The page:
In May 2020, Joe Thottungal’s restaurant Coconut Lagoon burned to the ground. Much like every restaurant owner, chef, cook, and server at that time, he was already struggling as he navigated an industry decimated by lockdowns. This was a devastating blow.
Two years and three months later, Coconut Lagoon has risen from the ashes. From the look of full houses and the hubbub of happy diners, people love the re-incarnation. While previously the restaurant offered a lunchtime buffet and dinner, now it has veered towards fine Indian dining for dinner, by reservation only. This means that Thottungal and his team know how many mouths they are cooking for — a maximum of 120 — and can reduce food waste and the hours they spend on the job.
On my first visit my guest and I opt for the six-course tasting menu; he chose the wine pairings. Our dinner was balm for the stomach and the soul. Courses roll out of the kitchen at a steady pace, beginning with a plate of miniature poppadoms, crunchy and warm, served with a tamarind and a mint chutney. The lively start was followed by creamy tomato-ginger soup, then a pair of perfectly seared scallops, slightly crisp on the outside, soft as clouds on the inside, floating on a mango curry and dressed with green curry leaves.
Next to hit the table: a small rectangle of salmon with a curried pumpkin puree — delicious, but a tad overcooked. Then comes tender chicken Quilon, served on a triangle of warm paratha bread with a refreshing smear of raita. Our final savoury course, a beef curry, perfect in its miniature portion. Dessert is two traditional dishes; baked yogurt with strawberries and a traditional rice pudding, creamy and comforting with warm spices of cloves and cardamom but made with noodles. A surprising twist.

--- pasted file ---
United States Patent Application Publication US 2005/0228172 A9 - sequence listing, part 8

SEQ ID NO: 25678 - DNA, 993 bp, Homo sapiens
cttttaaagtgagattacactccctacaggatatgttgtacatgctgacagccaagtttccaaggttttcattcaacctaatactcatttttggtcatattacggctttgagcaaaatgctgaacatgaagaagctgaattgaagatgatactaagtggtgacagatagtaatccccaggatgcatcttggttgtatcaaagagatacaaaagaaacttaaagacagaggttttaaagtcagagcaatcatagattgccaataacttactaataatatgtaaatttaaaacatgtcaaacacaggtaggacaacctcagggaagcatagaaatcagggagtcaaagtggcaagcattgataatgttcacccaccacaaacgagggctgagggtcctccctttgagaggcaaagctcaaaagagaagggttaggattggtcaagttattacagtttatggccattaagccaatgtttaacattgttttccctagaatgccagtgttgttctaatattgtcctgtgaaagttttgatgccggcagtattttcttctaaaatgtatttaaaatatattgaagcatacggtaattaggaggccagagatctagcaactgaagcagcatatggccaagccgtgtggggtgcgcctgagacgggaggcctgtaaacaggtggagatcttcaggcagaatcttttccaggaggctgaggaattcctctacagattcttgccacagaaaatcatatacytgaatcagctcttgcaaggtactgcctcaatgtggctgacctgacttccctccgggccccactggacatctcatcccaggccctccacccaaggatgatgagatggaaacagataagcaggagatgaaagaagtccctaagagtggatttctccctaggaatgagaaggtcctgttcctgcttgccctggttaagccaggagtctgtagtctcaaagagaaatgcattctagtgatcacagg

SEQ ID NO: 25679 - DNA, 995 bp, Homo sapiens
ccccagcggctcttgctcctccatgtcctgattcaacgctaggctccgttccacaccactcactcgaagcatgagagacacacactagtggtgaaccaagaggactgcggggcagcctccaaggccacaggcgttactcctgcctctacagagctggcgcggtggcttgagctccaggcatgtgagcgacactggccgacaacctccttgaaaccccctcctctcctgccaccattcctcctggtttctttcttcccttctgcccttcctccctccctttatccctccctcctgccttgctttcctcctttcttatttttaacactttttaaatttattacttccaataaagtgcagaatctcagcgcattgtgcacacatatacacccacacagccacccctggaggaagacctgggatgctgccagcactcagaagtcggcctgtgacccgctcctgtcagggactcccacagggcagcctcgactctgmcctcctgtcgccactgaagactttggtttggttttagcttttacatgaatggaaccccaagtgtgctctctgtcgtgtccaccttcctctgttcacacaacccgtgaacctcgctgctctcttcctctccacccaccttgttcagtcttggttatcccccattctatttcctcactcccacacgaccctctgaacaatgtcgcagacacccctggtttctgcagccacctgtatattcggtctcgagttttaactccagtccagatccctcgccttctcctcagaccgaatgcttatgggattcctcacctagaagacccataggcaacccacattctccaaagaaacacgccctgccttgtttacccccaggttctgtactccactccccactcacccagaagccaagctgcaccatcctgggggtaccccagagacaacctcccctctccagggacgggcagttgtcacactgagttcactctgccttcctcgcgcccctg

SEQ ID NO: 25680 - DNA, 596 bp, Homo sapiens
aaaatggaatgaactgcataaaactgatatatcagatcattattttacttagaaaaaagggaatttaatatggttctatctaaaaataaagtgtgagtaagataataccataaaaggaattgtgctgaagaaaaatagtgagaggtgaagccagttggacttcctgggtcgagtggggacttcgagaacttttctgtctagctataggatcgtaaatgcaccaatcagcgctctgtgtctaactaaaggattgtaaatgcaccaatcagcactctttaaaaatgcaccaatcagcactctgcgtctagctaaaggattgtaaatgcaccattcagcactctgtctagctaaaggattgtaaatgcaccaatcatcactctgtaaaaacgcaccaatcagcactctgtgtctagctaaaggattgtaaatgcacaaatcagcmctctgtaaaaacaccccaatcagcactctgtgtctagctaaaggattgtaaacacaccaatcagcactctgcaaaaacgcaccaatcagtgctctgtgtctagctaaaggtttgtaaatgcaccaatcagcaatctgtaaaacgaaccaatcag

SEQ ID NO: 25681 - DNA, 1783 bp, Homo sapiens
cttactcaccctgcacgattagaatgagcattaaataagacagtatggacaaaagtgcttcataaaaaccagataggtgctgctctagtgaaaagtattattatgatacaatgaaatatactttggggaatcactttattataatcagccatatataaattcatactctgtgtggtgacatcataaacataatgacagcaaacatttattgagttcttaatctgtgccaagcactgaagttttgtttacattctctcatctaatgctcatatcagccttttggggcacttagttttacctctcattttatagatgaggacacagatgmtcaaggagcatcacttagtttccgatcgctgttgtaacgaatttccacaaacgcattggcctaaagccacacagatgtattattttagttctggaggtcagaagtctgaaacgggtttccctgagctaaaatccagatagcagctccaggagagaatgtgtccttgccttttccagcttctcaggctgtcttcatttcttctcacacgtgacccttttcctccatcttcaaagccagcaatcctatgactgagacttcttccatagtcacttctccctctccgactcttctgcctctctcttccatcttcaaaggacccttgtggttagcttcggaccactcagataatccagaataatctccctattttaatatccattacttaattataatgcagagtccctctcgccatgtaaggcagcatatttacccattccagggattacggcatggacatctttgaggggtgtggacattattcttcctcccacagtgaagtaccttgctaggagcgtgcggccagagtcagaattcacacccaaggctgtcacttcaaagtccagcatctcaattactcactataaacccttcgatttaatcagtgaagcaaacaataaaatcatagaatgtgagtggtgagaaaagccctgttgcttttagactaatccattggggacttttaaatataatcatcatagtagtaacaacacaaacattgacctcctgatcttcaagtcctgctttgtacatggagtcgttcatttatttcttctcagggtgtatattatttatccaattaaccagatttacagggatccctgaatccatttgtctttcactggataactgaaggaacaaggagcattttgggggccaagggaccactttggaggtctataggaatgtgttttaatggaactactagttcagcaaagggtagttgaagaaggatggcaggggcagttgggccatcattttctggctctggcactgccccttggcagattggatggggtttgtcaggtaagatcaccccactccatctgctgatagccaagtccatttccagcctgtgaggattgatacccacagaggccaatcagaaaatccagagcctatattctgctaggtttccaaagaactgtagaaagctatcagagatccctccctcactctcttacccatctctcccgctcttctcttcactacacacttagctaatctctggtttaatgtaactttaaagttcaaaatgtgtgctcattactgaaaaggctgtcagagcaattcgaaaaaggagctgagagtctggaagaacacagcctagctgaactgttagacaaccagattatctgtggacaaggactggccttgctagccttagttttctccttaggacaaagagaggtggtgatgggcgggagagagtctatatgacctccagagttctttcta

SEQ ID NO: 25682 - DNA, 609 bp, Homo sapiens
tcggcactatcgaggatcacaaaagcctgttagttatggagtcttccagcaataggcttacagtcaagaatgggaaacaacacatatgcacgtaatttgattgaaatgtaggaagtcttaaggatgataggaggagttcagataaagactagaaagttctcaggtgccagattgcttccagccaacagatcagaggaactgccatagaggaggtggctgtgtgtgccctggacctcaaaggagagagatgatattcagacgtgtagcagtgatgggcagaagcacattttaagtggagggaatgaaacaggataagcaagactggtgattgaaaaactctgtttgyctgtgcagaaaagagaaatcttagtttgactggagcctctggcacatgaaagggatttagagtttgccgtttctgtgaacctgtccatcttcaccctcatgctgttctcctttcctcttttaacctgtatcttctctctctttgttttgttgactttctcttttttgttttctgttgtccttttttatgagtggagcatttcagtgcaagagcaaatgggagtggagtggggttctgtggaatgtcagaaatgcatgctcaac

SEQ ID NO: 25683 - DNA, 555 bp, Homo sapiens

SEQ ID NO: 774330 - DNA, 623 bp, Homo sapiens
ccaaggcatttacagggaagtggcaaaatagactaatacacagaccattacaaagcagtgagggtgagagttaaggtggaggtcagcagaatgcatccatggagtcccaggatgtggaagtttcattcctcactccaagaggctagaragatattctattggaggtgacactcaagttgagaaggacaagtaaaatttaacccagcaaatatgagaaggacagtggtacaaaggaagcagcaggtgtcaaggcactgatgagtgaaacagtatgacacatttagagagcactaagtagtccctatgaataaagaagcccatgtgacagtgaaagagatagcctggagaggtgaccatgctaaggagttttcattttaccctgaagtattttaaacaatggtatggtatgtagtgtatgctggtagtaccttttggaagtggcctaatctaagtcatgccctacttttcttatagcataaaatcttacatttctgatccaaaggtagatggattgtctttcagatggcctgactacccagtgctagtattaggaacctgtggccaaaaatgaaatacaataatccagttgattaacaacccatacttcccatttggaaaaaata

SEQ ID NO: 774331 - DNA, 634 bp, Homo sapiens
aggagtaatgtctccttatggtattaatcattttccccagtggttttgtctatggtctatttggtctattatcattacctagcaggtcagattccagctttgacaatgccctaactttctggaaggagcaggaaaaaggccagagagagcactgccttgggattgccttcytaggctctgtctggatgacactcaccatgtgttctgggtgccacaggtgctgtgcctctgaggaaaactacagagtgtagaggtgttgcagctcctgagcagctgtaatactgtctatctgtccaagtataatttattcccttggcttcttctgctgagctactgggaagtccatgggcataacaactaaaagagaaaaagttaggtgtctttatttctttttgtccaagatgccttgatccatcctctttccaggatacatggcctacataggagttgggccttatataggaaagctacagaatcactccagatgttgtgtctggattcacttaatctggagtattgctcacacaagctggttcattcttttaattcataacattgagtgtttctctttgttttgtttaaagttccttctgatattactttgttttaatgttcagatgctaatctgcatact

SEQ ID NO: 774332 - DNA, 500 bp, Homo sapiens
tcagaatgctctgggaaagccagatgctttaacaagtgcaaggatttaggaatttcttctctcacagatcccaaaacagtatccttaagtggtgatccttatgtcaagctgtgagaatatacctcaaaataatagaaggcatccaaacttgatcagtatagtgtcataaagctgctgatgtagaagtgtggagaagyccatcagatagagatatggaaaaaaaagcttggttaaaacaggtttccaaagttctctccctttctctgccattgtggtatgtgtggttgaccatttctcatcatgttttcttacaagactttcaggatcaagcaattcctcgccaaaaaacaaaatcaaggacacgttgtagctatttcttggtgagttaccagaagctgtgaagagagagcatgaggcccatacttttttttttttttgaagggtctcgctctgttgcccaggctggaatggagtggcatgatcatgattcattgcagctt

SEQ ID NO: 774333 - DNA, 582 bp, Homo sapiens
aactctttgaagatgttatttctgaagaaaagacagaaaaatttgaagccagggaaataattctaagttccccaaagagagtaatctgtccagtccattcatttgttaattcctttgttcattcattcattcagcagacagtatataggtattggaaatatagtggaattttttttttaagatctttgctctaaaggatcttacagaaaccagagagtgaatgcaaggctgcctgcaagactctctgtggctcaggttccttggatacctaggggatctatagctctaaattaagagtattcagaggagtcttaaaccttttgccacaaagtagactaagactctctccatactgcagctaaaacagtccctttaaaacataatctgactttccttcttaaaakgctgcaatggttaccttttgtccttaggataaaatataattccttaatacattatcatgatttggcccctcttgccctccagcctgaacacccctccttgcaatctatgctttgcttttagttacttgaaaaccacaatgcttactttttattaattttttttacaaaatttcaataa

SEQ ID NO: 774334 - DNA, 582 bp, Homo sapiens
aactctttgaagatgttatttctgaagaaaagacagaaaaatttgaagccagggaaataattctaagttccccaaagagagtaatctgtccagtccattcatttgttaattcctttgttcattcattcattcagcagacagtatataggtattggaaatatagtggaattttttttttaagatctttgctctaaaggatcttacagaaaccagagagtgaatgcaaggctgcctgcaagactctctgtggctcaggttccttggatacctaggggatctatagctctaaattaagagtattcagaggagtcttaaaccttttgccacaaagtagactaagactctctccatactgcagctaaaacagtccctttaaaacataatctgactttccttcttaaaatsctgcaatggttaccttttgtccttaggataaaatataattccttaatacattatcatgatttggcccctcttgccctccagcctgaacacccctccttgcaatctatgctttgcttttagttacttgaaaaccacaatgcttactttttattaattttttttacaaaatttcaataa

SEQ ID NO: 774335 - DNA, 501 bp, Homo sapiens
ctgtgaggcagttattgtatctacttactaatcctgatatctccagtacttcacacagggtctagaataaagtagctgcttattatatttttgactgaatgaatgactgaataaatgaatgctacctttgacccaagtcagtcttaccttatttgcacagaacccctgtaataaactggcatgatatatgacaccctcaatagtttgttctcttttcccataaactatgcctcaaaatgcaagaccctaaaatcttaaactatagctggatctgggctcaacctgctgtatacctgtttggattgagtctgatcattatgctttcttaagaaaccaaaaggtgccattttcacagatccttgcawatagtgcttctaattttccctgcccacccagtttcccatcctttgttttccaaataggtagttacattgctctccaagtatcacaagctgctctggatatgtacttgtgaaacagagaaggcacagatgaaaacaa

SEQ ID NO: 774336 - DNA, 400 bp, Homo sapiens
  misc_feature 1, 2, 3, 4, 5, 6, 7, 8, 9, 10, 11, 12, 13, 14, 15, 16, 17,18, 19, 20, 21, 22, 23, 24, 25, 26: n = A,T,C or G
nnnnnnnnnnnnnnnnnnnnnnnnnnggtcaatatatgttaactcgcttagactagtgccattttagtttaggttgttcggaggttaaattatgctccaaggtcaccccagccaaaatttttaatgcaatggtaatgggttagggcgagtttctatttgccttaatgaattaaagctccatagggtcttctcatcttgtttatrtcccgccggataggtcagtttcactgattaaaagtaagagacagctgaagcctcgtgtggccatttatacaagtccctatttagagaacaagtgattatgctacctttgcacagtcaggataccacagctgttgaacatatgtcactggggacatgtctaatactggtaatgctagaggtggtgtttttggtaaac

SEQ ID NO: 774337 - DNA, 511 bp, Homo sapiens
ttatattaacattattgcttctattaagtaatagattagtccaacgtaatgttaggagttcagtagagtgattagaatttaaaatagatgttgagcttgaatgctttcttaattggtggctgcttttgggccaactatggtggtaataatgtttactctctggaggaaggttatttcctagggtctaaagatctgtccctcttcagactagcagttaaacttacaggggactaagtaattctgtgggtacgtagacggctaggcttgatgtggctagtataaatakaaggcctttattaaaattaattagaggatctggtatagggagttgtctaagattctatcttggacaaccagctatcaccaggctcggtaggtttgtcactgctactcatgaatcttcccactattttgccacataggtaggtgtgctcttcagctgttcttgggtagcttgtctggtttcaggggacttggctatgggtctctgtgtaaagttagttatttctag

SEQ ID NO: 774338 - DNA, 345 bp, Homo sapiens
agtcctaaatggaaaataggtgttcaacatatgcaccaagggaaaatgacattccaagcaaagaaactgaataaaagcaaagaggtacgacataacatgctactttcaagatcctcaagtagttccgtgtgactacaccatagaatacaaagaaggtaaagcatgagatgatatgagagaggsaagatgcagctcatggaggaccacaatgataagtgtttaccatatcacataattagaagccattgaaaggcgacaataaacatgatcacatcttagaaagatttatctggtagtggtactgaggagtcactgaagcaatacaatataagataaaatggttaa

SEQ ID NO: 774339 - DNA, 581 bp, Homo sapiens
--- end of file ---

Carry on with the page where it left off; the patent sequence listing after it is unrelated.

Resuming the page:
The accompanying wines are generous and offer a trip around the globe; a white from Greece, another white from KIN Vineyards near Ottawa, a French rosé and cabernet franc, and a Spanish red. These wines are chosen by Thottungal, the house sommelier, and a teacher from the culinary program at Algonquin College. They make a fine match.
My second visit is less successful. While the flavours still pop, crab cakes are not crispy; the tail meat in a lobster masala is chewy (but the claws are fantastic); and a duck biryani, while nicely spiced, is dry, not making the most of the delectable fatty meat that can result from a good confit leg.
However, the service is lovely. Coconut Lagoon is clearly a good place to work. Servers are enthusiastic and friendly and the contemporary space positively fizzes with the sounds of diners happy to be out in a restaurant once again.
853 St. Laurent Blvd., CoconutLagoon.ca